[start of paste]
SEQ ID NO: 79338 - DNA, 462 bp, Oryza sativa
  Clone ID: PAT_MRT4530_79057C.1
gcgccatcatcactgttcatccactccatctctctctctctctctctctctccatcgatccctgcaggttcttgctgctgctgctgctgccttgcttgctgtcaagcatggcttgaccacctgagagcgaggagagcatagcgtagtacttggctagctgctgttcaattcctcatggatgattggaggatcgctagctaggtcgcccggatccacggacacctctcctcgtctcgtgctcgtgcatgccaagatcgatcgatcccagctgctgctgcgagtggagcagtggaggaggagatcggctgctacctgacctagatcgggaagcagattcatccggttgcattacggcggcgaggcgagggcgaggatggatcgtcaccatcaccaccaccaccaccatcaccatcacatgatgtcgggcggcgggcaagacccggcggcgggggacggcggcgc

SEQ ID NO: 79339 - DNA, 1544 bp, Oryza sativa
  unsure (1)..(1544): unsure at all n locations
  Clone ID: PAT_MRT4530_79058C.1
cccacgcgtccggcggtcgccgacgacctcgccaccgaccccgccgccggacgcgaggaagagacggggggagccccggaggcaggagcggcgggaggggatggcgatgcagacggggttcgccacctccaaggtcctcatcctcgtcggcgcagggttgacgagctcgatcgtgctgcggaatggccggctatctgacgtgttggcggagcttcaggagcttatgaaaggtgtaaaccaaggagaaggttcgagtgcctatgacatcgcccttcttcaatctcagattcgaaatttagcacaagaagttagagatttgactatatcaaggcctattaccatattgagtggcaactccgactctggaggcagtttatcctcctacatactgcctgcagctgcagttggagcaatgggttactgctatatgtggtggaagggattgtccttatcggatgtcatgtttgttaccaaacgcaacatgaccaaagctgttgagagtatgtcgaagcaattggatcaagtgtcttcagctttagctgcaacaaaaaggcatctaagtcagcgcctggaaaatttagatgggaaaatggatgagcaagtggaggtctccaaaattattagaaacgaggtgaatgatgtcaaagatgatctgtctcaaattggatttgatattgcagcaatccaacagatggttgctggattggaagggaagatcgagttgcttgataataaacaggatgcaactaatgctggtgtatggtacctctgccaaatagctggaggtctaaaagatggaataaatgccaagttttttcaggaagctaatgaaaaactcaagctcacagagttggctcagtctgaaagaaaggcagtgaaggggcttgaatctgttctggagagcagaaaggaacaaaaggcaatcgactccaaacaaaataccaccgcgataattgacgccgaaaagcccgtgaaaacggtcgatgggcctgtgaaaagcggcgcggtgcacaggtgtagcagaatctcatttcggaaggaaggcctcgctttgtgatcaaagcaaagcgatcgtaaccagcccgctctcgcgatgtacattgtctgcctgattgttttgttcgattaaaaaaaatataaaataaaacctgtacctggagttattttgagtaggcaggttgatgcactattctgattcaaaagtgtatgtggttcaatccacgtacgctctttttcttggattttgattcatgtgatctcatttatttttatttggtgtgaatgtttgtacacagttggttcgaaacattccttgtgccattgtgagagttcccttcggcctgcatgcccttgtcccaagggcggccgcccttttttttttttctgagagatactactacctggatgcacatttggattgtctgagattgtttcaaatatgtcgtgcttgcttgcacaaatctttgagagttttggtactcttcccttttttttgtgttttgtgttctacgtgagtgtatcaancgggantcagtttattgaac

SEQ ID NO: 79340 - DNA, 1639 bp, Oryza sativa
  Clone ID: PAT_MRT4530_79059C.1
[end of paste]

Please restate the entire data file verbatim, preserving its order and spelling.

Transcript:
SEQ ID NO: 79338 - DNA, 462 bp, Oryza sativa
  Clone ID: PAT_MRT4530_79057C.1
gcgccatcatcactgttcatccactccatctctctctctctctctctctctccatcgatccctgcaggttcttgctgctgctgctgctgccttgcttgctgtcaagcatggcttgaccacctgagagcgaggagagcatagcgtagtacttggctagctgctgttcaattcctcatggatgattggaggatcgctagctaggtcgcccggatccacggacacctctcctcgtctcgtgctcgtgcatgccaagatcgatcgatcccagctgctgctgcgagtggagcagtggaggaggagatcggctgctacctgacctagatcgggaagcagattcatccggttgcattacggcggcgaggcgagggcgaggatggatcgtcaccatcaccaccaccaccaccatcaccatcacatgatgtcgggcggcgggcaagacccggcggcgggggacggcggcgc

SEQ ID NO: 79339 - DNA, 1544 bp, Oryza sativa
  unsure (1)..(1544): unsure at all n locations
  Clone ID: PAT_MRT4530_79058C.1
cccacgcgtccggcggtcgccgacgacctcgccaccgaccccgccgccggacgcgaggaagagacggggggagccccggaggcaggagcggcgggaggggatggcgatgcagacggggttcgccacctccaaggtcctcatcctcgtcggcgcagggttgacgagctcgatcgtgctgcggaatggccggctatctgacgtgttggcggagcttcaggagcttatgaaaggtgtaaaccaaggagaaggttcgagtgcctatgacatcgcccttcttcaatctcagattcgaaatttagcacaagaagttagagatttgactatatcaaggcctattaccatattgagtggcaactccgactctggaggcagtttatcctcctacatactgcctgcagctgcagttggagcaatgggttactgctatatgtggtggaagggattgtccttatcggatgtcatgtttgttaccaaacgcaacatgaccaaagctgttgagagtatgtcgaagcaattggatcaagtgtcttcagctttagctgcaacaaaaaggcatctaagtcagcgcctggaaaatttagatgggaaaatggatgagcaagtggaggtctccaaaattattagaaacgaggtgaatgatgtcaaagatgatctgtctcaaattggatttgatattgcagcaatccaacagatggttgctggattggaagggaagatcgagttgcttgataataaacaggatgcaactaatgctggtgtatggtacctctgccaaatagctggaggtctaaaagatggaataaatgccaagttttttcaggaagctaatgaaaaactcaagctcacagagttggctcagtctgaaagaaaggcagtgaaggggcttgaatctgttctggagagcagaaaggaacaaaaggcaatcgactccaaacaaaataccaccgcgataattgacgccgaaaagcccgtgaaaacggtcgatgggcctgtgaaaagcggcgcggtgcacaggtgtagcagaatctcatttcggaaggaaggcctcgctttgtgatcaaagcaaagcgatcgtaaccagcccgctctcgcgatgtacattgtctgcctgattgttttgttcgattaaaaaaaatataaaataaaacctgtacctggagttattttgagtaggcaggttgatgcactattctgattcaaaagtgtatgtggttcaatccacgtacgctctttttcttggattttgattcatgtgatctcatttatttttatttggtgtgaatgtttgtacacagttggttcgaaacattccttgtgccattgtgagagttcccttcggcctgcatgcccttgtcccaagggcggccgcccttttttttttttctgagagatactactacctggatgcacatttggattgtctgagattgtttcaaatatgtcgtgcttgcttgcacaaatctttgagagttttggtactcttcccttttttttgtgttttgtgttctacgtgagtgtatcaancgggantcagtttattgaac

SEQ ID NO: 79340 - DNA, 1639 bp, Oryza sativa
  Clone ID: PAT_MRT4530_79059C.1